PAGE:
Haber said his team is trying to further automate the process to make it faster.

"If the cells are alive on the chip, which they are, and if you have a new 'smart' drug that's supposed to attack a particular protein, you can test in the cell if the protein is being attached by the drug," he said. – (Gene Emery/Reuters Health)

Lifestyle triggers genetic change

Esta es una noticia extraordinaria.

Lifestyle triggers genetic change
Last updated: Wednesday, June 18, 2008
Comprehensive lifestyle changes, including a better diet and more exercise, can lead not only to a better physique, but also to swift and dramatic changes at the genetic level, US researchers said.

In a small study, the researchers tracked 30 men with low-risk prostate cancer who decided against conventional medical treatment such as surgery and radiation or hormone therapy.

The men underwent three months of major lifestyle changes, including eating a diet rich in fruits, vegetables, whole grains, legumes and soy products, moderate exercise such as walking for half an hour a day, and an hour of daily stress management methods such as meditation.

As expected, they lost weight, lowered their blood pressure and saw other health improvements. But the researchers found more profound changes when they compared prostate biopsies taken before and after the lifestyle changes.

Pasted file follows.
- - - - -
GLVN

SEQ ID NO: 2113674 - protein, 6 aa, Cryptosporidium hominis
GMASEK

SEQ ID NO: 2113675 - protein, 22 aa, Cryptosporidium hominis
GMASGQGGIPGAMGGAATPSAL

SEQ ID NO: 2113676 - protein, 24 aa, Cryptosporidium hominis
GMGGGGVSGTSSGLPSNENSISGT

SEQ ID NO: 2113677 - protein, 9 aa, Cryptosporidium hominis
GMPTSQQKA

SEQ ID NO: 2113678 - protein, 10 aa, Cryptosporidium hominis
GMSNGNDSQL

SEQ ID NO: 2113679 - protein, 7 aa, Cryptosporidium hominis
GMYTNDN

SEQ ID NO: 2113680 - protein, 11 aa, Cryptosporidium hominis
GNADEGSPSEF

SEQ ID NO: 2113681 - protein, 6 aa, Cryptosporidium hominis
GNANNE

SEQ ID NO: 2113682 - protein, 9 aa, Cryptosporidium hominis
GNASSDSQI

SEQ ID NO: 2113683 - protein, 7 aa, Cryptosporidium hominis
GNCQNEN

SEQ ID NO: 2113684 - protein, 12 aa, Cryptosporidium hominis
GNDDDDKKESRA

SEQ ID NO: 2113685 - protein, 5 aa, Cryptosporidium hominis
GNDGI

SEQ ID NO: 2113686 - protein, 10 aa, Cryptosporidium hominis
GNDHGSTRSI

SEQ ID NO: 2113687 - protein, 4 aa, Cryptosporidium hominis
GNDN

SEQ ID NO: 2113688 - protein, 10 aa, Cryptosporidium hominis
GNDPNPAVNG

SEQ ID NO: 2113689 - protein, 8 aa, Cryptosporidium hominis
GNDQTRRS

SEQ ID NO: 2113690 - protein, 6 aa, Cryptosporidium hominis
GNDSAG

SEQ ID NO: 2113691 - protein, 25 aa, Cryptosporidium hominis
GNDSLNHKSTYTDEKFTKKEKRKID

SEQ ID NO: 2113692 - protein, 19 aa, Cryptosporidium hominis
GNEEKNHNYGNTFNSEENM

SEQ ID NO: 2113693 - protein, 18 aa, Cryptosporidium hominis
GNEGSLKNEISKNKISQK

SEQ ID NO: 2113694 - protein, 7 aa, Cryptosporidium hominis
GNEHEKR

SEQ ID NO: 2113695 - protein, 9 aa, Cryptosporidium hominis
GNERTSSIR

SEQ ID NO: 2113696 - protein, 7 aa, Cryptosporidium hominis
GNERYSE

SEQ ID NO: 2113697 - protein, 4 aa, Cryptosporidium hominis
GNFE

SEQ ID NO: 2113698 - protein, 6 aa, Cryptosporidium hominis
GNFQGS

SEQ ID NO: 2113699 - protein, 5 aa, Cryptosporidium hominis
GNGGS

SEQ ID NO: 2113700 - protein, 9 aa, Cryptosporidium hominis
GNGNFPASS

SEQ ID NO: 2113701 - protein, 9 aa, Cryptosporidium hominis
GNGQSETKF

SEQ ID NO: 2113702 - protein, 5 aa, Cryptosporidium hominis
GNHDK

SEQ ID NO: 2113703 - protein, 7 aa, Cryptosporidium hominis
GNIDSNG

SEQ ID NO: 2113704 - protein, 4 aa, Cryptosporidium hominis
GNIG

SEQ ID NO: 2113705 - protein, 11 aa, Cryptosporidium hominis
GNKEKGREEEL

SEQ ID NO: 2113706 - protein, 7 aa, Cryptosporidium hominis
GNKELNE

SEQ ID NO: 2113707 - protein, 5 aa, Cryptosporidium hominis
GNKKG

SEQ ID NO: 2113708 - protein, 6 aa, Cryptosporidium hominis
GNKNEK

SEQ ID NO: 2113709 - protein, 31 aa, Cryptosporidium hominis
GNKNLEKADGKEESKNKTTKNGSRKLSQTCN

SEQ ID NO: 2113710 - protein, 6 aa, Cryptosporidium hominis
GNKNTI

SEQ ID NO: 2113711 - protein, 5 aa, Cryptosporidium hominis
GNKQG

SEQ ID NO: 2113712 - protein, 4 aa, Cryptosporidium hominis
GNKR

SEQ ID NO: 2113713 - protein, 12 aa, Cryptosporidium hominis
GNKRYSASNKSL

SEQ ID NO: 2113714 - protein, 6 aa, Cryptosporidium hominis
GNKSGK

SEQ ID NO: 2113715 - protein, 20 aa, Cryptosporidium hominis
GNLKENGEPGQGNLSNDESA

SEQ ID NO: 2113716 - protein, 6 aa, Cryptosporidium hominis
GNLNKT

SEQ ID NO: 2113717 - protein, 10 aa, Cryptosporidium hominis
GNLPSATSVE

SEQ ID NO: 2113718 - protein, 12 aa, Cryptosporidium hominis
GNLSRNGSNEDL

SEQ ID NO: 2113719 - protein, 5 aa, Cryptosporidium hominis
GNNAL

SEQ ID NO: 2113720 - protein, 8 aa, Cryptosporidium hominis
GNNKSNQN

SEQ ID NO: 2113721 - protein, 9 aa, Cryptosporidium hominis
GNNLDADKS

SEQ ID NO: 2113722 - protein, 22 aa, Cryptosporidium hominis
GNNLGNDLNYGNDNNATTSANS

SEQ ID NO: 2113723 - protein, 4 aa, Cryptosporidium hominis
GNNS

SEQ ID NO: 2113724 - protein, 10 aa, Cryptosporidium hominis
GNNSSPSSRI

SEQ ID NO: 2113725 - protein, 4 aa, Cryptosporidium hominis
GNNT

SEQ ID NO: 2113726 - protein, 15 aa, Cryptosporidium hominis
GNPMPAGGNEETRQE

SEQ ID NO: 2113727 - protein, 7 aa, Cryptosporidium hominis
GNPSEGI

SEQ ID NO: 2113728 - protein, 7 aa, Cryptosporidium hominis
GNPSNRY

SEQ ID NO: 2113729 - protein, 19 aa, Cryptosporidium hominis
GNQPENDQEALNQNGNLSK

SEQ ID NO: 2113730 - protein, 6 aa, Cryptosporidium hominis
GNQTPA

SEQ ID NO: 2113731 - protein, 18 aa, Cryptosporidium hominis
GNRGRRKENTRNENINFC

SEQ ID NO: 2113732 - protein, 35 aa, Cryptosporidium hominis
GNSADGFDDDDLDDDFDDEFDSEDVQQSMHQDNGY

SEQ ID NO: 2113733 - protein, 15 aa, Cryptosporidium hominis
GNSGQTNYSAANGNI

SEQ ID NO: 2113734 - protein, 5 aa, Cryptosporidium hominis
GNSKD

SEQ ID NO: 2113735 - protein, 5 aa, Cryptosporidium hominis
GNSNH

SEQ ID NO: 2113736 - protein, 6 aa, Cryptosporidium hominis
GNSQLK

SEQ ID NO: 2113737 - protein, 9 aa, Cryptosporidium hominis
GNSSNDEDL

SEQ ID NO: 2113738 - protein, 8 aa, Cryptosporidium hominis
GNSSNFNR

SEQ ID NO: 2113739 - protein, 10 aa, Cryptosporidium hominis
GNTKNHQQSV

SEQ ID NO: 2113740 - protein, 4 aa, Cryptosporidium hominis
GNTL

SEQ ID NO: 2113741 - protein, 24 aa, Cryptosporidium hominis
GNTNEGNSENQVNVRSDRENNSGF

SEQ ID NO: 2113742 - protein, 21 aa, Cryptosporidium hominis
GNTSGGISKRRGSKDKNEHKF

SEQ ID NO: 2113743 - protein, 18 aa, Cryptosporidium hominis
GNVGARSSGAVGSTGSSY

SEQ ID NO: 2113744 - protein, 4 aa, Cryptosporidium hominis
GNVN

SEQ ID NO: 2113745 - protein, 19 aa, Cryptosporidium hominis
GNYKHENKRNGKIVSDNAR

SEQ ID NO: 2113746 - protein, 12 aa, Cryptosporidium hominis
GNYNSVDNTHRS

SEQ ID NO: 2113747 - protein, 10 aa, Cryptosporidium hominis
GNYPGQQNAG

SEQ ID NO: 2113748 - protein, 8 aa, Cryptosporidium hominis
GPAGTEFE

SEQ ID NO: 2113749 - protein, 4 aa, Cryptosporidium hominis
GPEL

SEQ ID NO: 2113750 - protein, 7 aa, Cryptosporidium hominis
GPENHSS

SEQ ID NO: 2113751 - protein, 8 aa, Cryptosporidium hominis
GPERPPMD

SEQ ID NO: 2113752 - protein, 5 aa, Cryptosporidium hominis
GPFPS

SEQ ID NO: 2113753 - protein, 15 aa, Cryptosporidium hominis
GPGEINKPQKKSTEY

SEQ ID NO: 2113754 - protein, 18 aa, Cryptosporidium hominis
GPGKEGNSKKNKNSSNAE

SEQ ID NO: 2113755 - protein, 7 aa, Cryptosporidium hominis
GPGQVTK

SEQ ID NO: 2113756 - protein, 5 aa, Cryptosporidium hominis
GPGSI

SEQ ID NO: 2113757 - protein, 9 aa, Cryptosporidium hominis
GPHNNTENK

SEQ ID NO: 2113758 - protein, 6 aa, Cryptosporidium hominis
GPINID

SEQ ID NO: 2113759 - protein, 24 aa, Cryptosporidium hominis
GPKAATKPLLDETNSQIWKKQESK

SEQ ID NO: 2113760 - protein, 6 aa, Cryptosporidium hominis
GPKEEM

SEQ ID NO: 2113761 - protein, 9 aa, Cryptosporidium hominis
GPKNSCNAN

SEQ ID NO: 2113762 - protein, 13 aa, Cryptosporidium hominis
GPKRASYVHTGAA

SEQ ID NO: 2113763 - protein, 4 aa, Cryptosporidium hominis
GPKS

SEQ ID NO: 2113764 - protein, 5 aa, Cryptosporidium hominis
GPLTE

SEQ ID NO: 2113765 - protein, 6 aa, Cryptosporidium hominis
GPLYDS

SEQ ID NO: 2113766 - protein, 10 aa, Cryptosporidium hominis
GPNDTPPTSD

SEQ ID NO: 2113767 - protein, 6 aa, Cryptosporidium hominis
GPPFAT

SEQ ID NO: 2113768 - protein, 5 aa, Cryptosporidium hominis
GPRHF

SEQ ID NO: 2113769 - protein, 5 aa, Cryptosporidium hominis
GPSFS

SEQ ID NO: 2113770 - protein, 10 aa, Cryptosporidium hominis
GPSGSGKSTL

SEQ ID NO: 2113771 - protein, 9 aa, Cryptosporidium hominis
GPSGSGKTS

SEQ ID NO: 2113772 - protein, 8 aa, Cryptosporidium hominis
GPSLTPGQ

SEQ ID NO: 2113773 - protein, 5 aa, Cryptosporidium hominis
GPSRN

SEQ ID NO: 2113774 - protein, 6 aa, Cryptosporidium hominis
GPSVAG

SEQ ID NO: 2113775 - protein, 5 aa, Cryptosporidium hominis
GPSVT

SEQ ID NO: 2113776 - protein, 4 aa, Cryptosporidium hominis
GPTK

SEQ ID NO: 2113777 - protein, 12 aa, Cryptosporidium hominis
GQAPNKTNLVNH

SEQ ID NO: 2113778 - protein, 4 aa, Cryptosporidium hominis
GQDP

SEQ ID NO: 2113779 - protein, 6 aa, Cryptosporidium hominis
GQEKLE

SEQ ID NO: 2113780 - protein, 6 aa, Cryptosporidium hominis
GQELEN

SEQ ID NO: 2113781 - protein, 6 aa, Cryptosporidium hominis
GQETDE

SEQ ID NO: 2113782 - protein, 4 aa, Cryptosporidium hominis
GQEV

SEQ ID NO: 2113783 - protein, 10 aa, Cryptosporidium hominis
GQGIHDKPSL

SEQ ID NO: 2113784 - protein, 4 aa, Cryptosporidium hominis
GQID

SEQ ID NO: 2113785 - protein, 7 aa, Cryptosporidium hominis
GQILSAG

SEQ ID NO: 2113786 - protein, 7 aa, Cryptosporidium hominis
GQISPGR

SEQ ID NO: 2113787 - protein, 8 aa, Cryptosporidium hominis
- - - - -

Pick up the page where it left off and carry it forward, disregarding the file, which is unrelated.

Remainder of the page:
Dramatic changes in genes noted
After the three months, the men had changes in activity in about 500 genes - including 48 that were turned on and 453 genes that were turned off.

The activity of disease-preventing genes increased while a number of disease-promoting genes, including those involved in prostate cancer and breast cancer, shut down, according to the study published in the journal Proceedings of the National Academy of Sciences.

The research was led by Dr Dean Ornish, head of the Preventive Medicine Research Institute in Sausalito, California, and a well-known author advocating lifestyle changes to improve health.

"It's an exciting finding because so often people say, 'Oh, it's all in my genes, what can I do?' Well, it turns out you may be able to do a lot," Ornish, who is also affiliated with the University of California, San Francisco, said in a telephone interview.

Findings not limited to men with prostate cancer
"'In just three months, I can change hundreds of my genes simply by changing what I eat and how I live?' That's pretty exciting," Ornish said. "The implications of our study are not limited to men with prostate cancer."

He said the men avoided conventional medical treatment for prostate cancer for reasons separate from the study. But in making that decision, they allowed the researchers to look at biopsies in people with cancer before and after lifestyle changes.

"It gave us the opportunity to have an ethical reason for doing repeat biopsies in just a three-month period because they needed that anyway to look at their clinical changes (in their prostate cancer)," Ornish said. – (Reuters Health)

June 2008